Heading into the long Labor Day weekend, investors were dealt a curious report from the Bureau of Labor. The headline gain of 173,000 new jobs was most certainly below par. The estimate from Bloomberg before the release called for a gain of 217,000 jobs.
U.S. stock futures pared some gains on Wednesday, but kept Wall Street on track to open higher, after weaker-than-expected private U.S. jobs data, raising the odds that the Federal Reserve would not raise interest rates this month.
This week could be another volatile one for the stock markets. Now, you may be wondering why we are concentrating on the Nikkei as opposed to, say, a U.S. index, given the sheer number of high-impact U.S. data in the week ahead.
Wall Street racked up its biggest one-day gain in four years on Wednesday as fears about China's economy gave way to bargain hunters emboldened by expectations the U.S. Federal Reserve might not raise interest rates next month.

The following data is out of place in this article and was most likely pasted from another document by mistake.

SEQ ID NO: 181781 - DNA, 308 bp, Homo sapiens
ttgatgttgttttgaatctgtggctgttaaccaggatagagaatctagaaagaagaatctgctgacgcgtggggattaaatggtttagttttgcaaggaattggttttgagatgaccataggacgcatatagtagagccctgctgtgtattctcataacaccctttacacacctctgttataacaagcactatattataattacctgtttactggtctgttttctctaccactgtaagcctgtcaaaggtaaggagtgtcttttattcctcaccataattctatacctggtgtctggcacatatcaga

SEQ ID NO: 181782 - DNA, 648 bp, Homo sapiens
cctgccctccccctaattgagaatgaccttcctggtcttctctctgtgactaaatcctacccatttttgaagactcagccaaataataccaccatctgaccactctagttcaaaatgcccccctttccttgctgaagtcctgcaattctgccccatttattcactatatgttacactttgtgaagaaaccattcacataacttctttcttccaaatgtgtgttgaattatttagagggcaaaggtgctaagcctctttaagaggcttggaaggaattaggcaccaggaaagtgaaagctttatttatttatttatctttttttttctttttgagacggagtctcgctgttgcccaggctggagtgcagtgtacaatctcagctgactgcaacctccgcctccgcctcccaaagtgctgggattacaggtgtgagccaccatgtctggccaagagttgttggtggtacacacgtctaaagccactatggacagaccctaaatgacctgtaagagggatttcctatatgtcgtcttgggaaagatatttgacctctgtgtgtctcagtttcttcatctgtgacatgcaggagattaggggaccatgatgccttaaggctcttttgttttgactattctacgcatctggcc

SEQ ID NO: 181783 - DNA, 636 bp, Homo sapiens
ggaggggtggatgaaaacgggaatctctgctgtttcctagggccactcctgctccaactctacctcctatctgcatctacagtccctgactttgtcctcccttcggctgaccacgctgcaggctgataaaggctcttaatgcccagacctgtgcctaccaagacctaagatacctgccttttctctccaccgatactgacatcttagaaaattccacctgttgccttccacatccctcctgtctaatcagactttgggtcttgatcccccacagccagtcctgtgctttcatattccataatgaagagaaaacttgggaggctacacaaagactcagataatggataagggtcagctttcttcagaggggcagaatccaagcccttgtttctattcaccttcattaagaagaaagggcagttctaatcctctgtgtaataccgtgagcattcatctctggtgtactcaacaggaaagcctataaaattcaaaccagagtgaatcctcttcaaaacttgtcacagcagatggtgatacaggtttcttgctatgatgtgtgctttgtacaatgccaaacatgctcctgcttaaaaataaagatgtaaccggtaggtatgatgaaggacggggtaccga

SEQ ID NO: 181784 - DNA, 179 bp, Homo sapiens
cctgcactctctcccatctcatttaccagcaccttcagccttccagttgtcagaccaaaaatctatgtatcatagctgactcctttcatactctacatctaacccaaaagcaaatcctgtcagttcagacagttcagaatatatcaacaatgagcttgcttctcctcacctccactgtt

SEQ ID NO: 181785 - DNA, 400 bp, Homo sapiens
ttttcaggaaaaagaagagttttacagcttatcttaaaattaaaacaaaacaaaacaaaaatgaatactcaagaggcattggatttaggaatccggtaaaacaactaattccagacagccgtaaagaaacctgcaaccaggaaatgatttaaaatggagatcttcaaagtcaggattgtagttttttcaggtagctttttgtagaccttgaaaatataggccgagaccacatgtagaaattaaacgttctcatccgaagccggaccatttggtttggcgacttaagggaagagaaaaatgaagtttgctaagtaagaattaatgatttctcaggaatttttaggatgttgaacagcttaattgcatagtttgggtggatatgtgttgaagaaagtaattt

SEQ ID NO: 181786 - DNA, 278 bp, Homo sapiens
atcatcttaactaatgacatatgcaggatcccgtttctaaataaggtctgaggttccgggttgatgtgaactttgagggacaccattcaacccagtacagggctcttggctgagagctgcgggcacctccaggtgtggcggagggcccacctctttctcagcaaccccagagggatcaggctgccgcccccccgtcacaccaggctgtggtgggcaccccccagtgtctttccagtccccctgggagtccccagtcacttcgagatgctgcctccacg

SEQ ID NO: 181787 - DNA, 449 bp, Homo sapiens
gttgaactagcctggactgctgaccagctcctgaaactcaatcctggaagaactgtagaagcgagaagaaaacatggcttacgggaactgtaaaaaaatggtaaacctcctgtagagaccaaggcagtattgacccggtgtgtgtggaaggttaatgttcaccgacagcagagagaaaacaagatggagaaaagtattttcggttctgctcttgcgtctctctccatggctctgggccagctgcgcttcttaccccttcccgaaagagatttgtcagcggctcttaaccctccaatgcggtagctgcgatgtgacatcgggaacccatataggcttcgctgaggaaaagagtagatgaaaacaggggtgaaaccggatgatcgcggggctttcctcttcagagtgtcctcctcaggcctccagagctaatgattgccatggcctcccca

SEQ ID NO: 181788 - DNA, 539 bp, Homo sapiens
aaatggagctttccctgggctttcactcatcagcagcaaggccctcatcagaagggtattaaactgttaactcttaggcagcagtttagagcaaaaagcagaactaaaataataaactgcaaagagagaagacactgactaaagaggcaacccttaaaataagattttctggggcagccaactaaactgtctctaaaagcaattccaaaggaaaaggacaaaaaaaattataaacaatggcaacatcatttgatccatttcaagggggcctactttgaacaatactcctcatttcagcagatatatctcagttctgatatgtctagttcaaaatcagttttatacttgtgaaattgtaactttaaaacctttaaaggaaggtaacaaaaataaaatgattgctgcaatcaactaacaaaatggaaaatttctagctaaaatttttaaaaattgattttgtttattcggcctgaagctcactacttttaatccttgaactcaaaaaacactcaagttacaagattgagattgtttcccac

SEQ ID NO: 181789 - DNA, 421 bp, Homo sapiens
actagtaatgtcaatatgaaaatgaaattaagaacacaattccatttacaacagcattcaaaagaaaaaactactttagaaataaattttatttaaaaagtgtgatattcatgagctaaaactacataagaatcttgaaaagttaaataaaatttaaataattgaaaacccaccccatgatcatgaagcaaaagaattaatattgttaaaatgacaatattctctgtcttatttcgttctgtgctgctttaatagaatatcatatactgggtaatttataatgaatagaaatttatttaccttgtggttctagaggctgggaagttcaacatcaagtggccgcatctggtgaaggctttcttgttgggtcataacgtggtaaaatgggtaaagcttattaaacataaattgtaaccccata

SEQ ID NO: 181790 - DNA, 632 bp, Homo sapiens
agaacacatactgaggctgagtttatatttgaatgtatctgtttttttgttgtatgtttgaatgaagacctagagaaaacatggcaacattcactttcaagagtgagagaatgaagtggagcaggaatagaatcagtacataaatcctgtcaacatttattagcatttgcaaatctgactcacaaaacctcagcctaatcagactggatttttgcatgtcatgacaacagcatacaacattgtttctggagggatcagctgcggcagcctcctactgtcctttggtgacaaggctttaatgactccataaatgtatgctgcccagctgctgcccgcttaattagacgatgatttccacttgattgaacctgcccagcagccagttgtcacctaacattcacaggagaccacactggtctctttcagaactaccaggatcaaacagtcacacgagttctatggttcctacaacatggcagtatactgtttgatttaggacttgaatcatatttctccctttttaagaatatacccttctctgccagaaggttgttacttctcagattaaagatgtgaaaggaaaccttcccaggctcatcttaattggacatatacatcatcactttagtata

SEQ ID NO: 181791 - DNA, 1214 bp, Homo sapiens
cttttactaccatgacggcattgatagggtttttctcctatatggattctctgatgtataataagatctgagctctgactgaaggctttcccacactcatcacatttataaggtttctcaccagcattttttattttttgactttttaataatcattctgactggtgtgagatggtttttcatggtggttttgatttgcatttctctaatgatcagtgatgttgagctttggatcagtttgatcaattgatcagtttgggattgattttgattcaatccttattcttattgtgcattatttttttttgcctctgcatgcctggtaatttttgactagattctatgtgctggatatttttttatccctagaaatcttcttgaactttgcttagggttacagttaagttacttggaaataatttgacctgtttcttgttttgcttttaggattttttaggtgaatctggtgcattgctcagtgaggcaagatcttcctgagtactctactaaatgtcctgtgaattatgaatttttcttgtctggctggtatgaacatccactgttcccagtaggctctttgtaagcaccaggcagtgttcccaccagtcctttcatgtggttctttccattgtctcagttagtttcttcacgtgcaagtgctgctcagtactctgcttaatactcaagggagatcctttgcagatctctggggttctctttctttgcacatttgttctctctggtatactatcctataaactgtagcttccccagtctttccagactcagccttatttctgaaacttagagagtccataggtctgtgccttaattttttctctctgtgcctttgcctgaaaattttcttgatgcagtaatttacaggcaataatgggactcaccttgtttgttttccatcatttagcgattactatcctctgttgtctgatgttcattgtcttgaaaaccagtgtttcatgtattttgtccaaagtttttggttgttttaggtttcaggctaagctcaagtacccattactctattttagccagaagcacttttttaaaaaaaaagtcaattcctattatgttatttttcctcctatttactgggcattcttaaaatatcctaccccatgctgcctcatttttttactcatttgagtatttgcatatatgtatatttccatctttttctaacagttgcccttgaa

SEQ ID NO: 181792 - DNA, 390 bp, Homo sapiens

The dollar rose on Wednesday as some calm returned to currency markets with Wall Street stock futures pointing to a firm start and European shares recouping some of their losses, all of which lessened the need to buy safe-haven currencies like the yen.
At the end of the day it is all about the end of the day. While crude oil prices trade below $40 a barrel in crisis market price levels, it's taking its cue from the beleaguered stock market that can't hang onto a rally.
Wall Street entered correction territory on Monday, with the Dow sliding below 16,000 for the first time since February 2014 following a more-than 8% drop in Chinese stocks and a selloff in oil and other commodities.